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Arrowheadlines: Kansas City Chiefs News 12/4

For those of you looking for just football stories, I can't be of much help. There are three of them this morning, and they are after a break near the end of this post. Here is your Kansas City Chiefs news.

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Jamie Squire

Exclusive: As Troubles At Home Simmered, Chiefs Tried To Help Jovan Belcher from KC Star

When another Chiefs employee arrived, Pioli told him to stay back. Meanwhile Pioli tried to persuade Belcher to lay down the weapon, Sharp said.

Belcher thanked Pioli for everything he had done for him. He asked if he and Clark Hunt would take care of his daughter.

Chiefs Head Coach Romeo Crennel and linebackers coach Gary Gibbs arrived in the parking lot and Belcher reportedly announced, "Guys, I have to do this."

Romeo Crennel On Jovan Belcher: 'I Don't Know What Made Him Snap' from KC Star

Q: How do you reconcile Belcher as a teammate versus his horrible acts?

A: "We will do it like any other family would do. Jovan is a member of the family. What he did, we didn't like, we're not crazy about, but he's still a member of our family. When you go out in society and things like this happen in society because they do happen in society, you don't see people throwing the family members out the door. They are still loved by their family members, but the act, you don't like the act. So, you move on. You deal with it, and you don't have a choice; you have to move on."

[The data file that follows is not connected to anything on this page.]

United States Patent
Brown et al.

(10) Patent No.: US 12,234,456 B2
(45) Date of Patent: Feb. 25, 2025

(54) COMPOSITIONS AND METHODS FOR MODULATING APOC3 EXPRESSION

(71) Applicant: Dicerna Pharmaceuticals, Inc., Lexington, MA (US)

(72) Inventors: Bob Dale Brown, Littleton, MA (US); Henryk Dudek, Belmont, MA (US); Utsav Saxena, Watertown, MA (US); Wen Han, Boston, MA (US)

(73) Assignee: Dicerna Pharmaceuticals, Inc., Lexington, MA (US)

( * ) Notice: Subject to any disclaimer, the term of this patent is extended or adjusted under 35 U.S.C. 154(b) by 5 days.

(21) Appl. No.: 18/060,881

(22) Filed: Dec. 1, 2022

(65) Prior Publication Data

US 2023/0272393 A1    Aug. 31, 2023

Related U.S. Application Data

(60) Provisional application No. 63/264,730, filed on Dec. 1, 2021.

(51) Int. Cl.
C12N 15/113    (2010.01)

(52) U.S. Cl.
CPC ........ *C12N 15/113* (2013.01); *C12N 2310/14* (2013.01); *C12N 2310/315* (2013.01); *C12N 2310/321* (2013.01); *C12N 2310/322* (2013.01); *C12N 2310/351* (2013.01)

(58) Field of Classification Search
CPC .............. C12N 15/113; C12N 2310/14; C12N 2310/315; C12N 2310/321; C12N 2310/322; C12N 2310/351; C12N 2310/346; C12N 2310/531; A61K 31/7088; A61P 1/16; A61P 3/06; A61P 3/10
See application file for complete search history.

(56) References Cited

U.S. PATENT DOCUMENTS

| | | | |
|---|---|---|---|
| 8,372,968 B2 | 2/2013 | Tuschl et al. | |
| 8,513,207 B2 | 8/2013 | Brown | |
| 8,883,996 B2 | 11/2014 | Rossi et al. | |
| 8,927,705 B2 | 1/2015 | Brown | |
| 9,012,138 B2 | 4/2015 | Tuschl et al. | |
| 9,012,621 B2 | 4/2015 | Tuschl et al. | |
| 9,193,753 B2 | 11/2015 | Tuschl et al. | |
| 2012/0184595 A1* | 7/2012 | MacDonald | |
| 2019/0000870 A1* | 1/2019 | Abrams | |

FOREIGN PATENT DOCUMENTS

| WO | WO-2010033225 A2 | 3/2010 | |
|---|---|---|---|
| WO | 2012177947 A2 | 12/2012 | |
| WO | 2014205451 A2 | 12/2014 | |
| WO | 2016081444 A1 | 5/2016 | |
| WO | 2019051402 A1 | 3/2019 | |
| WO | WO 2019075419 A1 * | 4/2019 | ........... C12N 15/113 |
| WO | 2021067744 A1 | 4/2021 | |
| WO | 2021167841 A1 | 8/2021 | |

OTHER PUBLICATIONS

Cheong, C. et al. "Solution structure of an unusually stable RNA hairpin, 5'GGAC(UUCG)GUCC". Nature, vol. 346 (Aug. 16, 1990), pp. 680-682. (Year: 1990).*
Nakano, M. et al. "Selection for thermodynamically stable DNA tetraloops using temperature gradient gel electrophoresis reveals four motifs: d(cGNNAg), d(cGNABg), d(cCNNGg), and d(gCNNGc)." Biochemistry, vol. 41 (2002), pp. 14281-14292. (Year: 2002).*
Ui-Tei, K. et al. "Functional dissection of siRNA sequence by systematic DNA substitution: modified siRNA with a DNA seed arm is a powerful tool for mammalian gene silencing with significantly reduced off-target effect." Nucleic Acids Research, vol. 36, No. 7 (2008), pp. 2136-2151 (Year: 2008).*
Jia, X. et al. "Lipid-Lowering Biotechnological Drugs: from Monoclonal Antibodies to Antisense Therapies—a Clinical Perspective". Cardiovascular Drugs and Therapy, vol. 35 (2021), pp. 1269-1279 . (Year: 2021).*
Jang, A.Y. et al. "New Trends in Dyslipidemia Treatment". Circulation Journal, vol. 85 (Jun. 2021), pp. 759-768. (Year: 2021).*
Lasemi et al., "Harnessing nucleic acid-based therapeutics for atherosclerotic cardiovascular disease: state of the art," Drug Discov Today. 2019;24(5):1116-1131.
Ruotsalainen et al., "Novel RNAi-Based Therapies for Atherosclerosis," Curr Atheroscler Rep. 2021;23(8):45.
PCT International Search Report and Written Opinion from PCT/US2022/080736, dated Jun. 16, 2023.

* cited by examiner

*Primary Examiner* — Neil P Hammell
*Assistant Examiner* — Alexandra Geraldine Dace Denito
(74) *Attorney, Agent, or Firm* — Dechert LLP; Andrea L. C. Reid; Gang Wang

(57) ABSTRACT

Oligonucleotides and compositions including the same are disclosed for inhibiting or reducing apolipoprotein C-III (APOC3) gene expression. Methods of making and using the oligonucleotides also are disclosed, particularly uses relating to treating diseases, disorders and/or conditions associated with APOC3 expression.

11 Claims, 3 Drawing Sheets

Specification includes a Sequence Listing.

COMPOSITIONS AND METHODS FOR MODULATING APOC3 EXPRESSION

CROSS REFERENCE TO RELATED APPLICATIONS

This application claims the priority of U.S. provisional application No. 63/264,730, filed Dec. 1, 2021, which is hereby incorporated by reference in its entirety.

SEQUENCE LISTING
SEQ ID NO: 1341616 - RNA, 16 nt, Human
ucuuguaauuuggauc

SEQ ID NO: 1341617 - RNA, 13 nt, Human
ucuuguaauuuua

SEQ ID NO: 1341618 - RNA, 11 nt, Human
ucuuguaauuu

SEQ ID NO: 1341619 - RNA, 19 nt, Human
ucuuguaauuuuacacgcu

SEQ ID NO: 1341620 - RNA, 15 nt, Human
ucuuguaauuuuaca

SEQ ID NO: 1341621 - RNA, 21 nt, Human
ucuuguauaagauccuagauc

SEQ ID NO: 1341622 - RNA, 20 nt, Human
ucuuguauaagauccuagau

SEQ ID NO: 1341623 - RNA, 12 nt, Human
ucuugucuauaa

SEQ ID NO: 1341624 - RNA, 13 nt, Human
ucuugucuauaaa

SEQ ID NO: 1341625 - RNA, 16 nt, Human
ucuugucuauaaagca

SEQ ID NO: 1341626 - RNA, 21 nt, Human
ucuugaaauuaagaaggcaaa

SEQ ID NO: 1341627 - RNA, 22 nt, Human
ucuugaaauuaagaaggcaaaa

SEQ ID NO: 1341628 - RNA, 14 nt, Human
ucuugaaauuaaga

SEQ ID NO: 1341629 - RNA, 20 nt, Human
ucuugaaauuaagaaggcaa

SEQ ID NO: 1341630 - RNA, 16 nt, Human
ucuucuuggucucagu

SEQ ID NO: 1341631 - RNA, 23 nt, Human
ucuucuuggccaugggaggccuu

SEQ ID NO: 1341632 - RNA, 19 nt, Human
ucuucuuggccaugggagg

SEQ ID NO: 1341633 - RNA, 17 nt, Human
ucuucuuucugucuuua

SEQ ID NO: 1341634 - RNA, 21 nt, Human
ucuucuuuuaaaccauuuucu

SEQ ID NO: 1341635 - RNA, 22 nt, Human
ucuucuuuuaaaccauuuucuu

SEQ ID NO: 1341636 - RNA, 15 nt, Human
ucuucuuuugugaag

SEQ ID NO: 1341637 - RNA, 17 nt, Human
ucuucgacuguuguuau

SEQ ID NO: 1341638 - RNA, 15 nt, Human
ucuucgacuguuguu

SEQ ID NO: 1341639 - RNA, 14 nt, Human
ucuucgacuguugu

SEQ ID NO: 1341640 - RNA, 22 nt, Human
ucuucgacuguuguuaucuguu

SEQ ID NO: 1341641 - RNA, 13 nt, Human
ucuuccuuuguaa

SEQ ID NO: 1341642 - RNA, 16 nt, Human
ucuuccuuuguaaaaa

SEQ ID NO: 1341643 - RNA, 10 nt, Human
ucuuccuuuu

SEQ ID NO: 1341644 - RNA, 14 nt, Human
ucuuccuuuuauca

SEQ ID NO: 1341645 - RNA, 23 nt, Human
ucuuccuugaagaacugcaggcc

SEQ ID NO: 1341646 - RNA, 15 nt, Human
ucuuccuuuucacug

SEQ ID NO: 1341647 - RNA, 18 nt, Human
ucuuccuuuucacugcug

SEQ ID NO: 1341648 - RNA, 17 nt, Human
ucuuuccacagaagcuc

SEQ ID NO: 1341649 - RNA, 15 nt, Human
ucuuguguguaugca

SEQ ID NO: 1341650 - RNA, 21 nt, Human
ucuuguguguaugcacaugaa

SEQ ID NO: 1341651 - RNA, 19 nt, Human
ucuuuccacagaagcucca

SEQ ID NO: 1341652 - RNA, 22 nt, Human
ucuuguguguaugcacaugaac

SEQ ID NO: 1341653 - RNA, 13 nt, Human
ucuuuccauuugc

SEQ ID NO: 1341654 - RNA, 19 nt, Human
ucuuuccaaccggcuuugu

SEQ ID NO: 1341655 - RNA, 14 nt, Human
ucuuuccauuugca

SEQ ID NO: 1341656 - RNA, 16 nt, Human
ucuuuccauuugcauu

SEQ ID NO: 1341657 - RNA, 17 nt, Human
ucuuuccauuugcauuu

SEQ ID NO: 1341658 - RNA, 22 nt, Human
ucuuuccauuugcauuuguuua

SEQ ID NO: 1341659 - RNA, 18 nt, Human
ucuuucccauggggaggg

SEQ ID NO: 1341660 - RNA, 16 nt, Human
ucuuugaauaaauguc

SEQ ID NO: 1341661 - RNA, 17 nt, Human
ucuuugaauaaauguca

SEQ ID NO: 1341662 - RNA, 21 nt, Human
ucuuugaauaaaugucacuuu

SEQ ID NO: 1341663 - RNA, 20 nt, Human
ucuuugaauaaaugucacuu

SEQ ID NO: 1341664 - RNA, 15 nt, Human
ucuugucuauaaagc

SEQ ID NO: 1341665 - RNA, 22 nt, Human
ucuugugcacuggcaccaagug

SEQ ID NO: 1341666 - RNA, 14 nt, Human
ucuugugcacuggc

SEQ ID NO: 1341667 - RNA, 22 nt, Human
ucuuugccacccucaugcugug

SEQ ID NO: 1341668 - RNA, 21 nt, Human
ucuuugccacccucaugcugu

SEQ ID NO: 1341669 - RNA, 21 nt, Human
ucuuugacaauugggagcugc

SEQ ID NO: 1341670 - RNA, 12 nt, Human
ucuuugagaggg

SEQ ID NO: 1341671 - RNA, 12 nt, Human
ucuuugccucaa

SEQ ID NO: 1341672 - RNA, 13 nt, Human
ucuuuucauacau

Chiefs Walk A Fine Line In Remembering Belcher from KC Star

There is no handbook to walk this tightrope, but the Chiefs are making their way with care. They encourage the players speak their own minds about their friend while reminding them that the tragedy robbed young people from two families.

The team held a moment of silence before Sunday's game for victims of domestic abuse, never mentioning Belcher's name - not even in a statement about the tragedy.

Belcher's bio is wiped from the team's website, and owner Clark Hunt has made it clear there will be no helmet stickers or armbands or other public displays honoring a man who killed an innocent woman. The message against domestic abuse and that Belcher's final acts affected two families comes straight from the top. The team is working on details about how to help provide for the baby girl Belcher and Perkins had together.

Defining Leadership from The Mothership

What could possibly allow a coach, his general manager and defensive coordinator to endure such horror and 30 hours later lead a team in front of not only its fans but the entire country?